It’s not surprising that Anton Bouwer, Brussels-based consulting manager of ACL Europe, says the collapse of Enron has been good for business. ACL, which started as a small Canadian software house in the 1970s, has become the world’s largest provider of software applications for corporate auditing. Today, ACL’s products are used by internal and external auditors alike, and handle everything from data analysis and compliance monitoring to network security assessment and forensic accounting.
Yet, as Bouwer notes, long before Enron — and other less spectacular corporate nosedives — forced auditors into the spotlight, many of them were already ramping up their use of software tools to help them do their jobs. “Internal auditors are under pressure to play an even greater role in strengthening internal control and governance by providing their companies with wider, deeper data analysis on a regular basis,” observes Bouwer.
This, in turn, has dramatically changed the types of software auditors reach for. “Auditors need to spend quality time on solving exceptions, rather than finding them,” asserts Bouwer, adding that this allows them to go beyond routine policing and take on more value-adding responsibilities, including risk management.
The question is: Do current auditing tools meet the taxing demands of their users? Charles Le Grand, director of technology practices for the Florida-based Institute of Internal Auditors (IIA), an international professional organization, believes they do. As evidence he cites the results of the seventh annual software survey of nearly 600 internal auditors worldwide, which was conducted last summer by Internal Auditor, a magazine published by the IIA. The survey revealed that respondents were generally happy with the quality of the software tools they have at their disposal, particularly applications designed specifically for auditing professionals. These include software from ACL and CaseWare, as well as propietary programs.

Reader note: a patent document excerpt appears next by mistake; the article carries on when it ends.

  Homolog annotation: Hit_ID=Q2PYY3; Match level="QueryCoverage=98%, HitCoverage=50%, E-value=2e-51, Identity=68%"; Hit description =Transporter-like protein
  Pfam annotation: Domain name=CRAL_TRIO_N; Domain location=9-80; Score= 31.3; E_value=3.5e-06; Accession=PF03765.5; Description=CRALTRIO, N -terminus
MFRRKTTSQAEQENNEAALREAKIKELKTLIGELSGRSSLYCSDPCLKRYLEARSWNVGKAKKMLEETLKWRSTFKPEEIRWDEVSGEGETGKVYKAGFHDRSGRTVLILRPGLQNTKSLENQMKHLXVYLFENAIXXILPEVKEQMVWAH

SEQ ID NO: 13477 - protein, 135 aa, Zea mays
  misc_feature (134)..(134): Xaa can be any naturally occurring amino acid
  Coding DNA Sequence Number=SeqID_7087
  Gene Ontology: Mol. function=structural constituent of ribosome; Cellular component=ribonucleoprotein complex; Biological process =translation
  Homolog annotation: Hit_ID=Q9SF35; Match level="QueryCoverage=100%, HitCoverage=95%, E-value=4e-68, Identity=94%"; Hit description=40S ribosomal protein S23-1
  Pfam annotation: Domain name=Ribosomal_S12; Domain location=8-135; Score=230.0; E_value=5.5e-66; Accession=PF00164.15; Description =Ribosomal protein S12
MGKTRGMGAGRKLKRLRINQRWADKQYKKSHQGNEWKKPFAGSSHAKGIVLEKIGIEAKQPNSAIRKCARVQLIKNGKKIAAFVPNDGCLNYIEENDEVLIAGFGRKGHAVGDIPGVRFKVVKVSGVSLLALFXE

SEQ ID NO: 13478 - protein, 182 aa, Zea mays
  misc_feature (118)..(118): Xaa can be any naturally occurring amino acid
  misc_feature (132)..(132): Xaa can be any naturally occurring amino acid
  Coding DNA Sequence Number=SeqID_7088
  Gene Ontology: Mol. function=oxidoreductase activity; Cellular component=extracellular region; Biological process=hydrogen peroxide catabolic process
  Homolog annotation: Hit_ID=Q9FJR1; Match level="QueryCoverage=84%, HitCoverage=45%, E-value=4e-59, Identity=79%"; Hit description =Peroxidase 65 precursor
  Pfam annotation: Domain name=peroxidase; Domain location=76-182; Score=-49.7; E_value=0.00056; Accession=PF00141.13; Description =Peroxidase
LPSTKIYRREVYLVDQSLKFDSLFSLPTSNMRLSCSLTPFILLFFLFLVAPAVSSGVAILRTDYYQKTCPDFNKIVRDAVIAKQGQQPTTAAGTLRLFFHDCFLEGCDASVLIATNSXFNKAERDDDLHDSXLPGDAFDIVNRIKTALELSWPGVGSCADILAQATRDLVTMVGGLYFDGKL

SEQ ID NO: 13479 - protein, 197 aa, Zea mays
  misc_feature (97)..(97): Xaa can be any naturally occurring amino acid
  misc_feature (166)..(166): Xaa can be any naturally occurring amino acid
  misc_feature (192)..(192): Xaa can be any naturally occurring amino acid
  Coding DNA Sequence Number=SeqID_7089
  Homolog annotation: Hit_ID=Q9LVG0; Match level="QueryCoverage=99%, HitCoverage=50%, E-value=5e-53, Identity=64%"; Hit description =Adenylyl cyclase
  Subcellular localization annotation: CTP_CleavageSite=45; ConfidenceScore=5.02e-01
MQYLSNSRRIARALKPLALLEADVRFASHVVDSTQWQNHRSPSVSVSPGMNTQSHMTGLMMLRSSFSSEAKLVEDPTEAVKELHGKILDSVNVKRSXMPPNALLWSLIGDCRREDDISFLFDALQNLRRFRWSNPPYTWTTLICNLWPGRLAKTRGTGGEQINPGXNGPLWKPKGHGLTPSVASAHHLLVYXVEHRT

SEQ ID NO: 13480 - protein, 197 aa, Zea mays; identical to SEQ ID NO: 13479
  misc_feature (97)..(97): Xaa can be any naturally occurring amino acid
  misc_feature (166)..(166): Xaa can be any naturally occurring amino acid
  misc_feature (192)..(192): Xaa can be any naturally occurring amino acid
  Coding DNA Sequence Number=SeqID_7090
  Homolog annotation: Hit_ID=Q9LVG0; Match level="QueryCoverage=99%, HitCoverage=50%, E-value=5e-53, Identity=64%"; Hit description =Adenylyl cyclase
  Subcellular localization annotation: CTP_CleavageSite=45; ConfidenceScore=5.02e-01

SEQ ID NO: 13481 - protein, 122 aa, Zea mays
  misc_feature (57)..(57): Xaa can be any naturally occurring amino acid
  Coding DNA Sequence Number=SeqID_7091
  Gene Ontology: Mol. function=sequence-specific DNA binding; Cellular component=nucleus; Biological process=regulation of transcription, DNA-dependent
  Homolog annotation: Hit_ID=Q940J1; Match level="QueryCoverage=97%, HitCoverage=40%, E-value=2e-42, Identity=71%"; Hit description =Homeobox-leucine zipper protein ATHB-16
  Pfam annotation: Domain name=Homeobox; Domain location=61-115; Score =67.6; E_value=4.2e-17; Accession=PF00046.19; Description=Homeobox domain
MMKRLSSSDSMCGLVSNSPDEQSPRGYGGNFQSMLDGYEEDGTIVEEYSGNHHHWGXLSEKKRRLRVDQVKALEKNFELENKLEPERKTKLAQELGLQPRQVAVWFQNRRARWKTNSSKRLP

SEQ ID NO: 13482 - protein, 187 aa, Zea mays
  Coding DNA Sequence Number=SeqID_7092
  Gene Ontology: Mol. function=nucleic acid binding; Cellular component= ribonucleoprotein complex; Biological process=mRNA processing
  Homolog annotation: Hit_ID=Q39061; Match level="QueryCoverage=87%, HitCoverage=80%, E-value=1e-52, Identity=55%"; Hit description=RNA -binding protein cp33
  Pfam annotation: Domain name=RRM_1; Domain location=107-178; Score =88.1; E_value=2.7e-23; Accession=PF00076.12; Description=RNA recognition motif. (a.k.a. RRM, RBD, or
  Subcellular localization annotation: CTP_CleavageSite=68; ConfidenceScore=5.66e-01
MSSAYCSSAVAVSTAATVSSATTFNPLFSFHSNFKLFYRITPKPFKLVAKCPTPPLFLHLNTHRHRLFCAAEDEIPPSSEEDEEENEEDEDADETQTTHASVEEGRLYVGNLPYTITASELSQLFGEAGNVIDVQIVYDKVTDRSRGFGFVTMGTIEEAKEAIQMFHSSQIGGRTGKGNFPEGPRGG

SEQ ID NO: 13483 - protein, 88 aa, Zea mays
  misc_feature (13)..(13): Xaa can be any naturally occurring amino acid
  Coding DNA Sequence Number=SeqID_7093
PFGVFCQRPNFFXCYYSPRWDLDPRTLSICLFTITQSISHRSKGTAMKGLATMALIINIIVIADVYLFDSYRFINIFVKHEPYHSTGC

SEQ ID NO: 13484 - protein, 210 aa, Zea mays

The results are not overly surprising. These days, most audit programs are Web-enabled. Hence, auditors can now access, read, analyze and manipulate data files drawn from all sorts of sources, including legacy mainframe systems. They can then present that information in a user-friendly format for workers in other departments. That’s a big time-saver.
What’s more, the latest versions of audit software is a whole lot easier to use then earlier releases. “Ten years ago, using audit software meant a lot of programming,” says Ulrich Hahn, a member of the corporate audit team of Alcatel, the French telecoms-equipment supplier, which has installed ACL’s software across its entire global operation. “Now, you just point and click. The benefit of that cannot be underestimated.”
The job of an auditor is getting tougher in at least one respect, however. Software selection is a lot trickier than it used to be. According to the IIA survey, companies often implement a combination of home-grown applications and off-the-shelf packages. Thus, an auditor might use one tool to extract data and another to present the data over the corporate network. Further, an auditor’s toolbox now includes software used by other departments. “Increasingly, auditors are using the same types of tools as IT professionals,” notes Le Grand.